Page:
This house, in the West Chase subdivision just outside of Wyndham, caught on fire Monday evening. Although the woman who lived there was badly burned (after safely escaping she went back in her burning house to save the family pet), there is an amazing story behind who pulled her out. This story just reaffirms my belief that there are no coincidences in life. Everything happens for a reason. A friend of mine, Rachel Rainer, took the photo at the left that ended up in the paper. Article via the Richmond Times-Dispatch (more photos from me follow the article at the bottom).
Two Henrico County advertising executives have emerged as the Samaritans who dashed into the burning inferno of a home to try to save a woman’s life Monday night.
“Thinking about it now, it all seems like a dream. I’d never in all my life pictured myself in this sort of life-and-death situation,” said Barry Martin, the first man inside a fully engaged house fire in the 12100 block of Jamieson Place in Henrico’s Wyndham subdivision. “I never knew I had it in me.”
The victim, career nurse Jo Ann Casazza, remained in critical condition this morning in the burn unit of VCU Medical Center, in a medically induced coma.
The fate of Casazza now hinges on the skill of the doctors and nurses at the burn unit — and perhaps on a higher power.
It’s a belief in that higher power that her rescuers discovered they held in common.
Martin, founder of The Idea Center advertising agency, and Brian Gordon, who works at The Martin Agency, had never met until Monday.
Martin had set out that night with his 9-year-old daughter Mira to put his family dog down, Buddy. Gordon was just looking for a good place to have dinner with his girlfriend.
Martin and daughter Mira stopped to pray at the family church, Mount Vernon Baptist, after the dog succumbed, and set out for home. Gordon, stumped for a dining spot, paused at a Nuckols Road intersection, wondering whether he should turn right or left.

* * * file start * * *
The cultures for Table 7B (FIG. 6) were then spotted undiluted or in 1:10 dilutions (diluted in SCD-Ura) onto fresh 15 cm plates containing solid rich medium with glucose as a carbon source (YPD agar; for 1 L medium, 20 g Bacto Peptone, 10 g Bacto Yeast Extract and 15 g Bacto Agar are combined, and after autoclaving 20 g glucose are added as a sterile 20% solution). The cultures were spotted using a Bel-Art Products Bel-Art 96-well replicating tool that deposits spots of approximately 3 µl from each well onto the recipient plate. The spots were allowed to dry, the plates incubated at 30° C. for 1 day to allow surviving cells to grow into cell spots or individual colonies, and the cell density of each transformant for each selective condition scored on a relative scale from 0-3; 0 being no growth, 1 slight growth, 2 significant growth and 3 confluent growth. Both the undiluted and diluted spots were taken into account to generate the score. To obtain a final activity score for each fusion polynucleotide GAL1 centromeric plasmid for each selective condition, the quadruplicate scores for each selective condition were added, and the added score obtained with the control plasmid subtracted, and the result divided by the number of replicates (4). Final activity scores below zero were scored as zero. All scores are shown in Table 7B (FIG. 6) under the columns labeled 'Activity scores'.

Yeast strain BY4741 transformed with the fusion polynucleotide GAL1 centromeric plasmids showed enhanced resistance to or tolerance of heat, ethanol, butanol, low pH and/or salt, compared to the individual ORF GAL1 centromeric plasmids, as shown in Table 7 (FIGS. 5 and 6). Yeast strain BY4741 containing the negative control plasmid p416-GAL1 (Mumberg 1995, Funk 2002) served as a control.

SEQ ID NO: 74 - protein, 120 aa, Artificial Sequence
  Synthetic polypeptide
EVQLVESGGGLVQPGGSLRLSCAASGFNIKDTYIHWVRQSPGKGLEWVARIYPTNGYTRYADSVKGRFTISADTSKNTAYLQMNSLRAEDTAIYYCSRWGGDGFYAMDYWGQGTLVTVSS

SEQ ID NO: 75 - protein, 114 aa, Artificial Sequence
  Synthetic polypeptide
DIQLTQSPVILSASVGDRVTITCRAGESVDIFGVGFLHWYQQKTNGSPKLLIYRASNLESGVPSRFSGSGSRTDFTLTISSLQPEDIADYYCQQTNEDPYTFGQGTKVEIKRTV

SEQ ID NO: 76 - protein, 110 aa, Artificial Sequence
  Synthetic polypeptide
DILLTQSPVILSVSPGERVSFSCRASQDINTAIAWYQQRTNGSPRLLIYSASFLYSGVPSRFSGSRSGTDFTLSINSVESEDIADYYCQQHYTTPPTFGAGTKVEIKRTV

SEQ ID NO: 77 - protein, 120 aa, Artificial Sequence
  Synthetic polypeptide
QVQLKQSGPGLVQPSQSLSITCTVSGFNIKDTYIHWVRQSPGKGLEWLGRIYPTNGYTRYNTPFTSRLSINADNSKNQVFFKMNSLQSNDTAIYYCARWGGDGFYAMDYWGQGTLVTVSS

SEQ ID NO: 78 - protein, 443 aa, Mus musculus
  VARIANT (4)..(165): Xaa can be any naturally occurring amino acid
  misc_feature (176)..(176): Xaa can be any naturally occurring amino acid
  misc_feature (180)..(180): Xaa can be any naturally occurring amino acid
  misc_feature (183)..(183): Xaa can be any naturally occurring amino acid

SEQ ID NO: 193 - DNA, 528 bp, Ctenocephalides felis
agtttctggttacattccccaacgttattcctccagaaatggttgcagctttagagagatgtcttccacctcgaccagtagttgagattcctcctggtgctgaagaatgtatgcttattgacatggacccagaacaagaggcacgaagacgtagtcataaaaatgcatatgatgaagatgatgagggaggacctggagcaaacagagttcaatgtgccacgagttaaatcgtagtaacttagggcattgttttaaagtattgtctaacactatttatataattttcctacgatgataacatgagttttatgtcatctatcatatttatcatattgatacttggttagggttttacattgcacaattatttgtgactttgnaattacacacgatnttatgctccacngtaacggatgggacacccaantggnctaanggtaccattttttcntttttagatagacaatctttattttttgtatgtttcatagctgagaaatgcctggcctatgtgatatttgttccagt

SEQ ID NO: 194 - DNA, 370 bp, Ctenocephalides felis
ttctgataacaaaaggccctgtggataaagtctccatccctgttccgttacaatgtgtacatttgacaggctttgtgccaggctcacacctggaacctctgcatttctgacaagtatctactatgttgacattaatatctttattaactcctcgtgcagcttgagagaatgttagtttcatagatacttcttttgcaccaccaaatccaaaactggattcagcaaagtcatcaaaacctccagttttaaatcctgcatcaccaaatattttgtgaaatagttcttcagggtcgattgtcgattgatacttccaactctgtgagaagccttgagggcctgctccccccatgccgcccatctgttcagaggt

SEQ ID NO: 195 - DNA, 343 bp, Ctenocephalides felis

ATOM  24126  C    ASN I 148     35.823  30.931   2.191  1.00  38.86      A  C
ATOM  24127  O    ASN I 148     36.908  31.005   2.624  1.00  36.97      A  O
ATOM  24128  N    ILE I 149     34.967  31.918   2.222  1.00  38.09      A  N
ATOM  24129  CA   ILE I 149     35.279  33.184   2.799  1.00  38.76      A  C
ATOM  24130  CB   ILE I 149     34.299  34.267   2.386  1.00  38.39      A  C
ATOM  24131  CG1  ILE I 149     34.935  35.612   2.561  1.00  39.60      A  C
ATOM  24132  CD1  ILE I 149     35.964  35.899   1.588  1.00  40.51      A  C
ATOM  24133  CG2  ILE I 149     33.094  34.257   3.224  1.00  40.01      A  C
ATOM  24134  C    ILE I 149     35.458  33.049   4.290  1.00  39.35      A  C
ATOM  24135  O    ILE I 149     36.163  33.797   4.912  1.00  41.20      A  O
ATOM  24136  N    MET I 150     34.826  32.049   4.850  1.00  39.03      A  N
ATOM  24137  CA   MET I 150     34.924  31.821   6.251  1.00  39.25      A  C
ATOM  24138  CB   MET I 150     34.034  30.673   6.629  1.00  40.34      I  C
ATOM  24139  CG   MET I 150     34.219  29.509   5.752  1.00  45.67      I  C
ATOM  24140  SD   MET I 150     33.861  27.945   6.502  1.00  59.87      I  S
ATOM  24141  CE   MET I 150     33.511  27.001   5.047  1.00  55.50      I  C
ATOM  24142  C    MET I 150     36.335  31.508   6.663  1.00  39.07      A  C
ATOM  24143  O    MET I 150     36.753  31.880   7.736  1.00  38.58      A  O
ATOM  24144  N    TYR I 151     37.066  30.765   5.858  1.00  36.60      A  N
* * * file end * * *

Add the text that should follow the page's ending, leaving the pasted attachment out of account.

Then Mira saw a throbbing orange glow of light from the house fire. Gordon saw the image at the same time and the two vehicles changed direction and headed together to the light source.
On the lawn of the Casazza home, a crying girl and a screaming, petite woman, Casazza’s mother, were the picture of abandonment and lost hope.
“We heard that the woman had been safe but ran back in to save a family pet,” Martin said. “It was a very strange feeling after Buddy.”
Martin frantically tried to call 911 but misdialed, at first hitting 411. It was about 7:30 p.m. He had been thinking about how to pull himself out of the despair from the lost pet only to be suddenly confronted by another life-and-death situation on a grander scale.
“I just ran into the house. The front door was the only opening, and black smoke was just pouring out.”
Inside, the victim presented a daunting challenge.
Casazza was literally burning up before his eyes.
She was large, and “her skin was literally fused to a rug in the foyer,” Martin said.
When he pulled on her wrists, “the skin just pulled off. It was a gruesome thing to see.”
Suddenly, Gordon burst into the home and together the two men pulled the woman free of the house on the rug, dragging Casazza all the way to the street.
“I will never forget the people who had gathered there, and this terribly burned woman in the middle of the street on a rug with just terrible, terrible burns,” Martin said.
“I tried to comfort her: ‘Have faith. God is with you and you are going to be all right,'” he said.
“Do you mean it? Do you mean it?” Casazza answered.
Martin said he heard Casazza to describe how the family Christmas tree may have ignited. And then she was gone, carried to the hospital by rescue workers.
For more on this story, see tomorrow’s Times-Dispatch.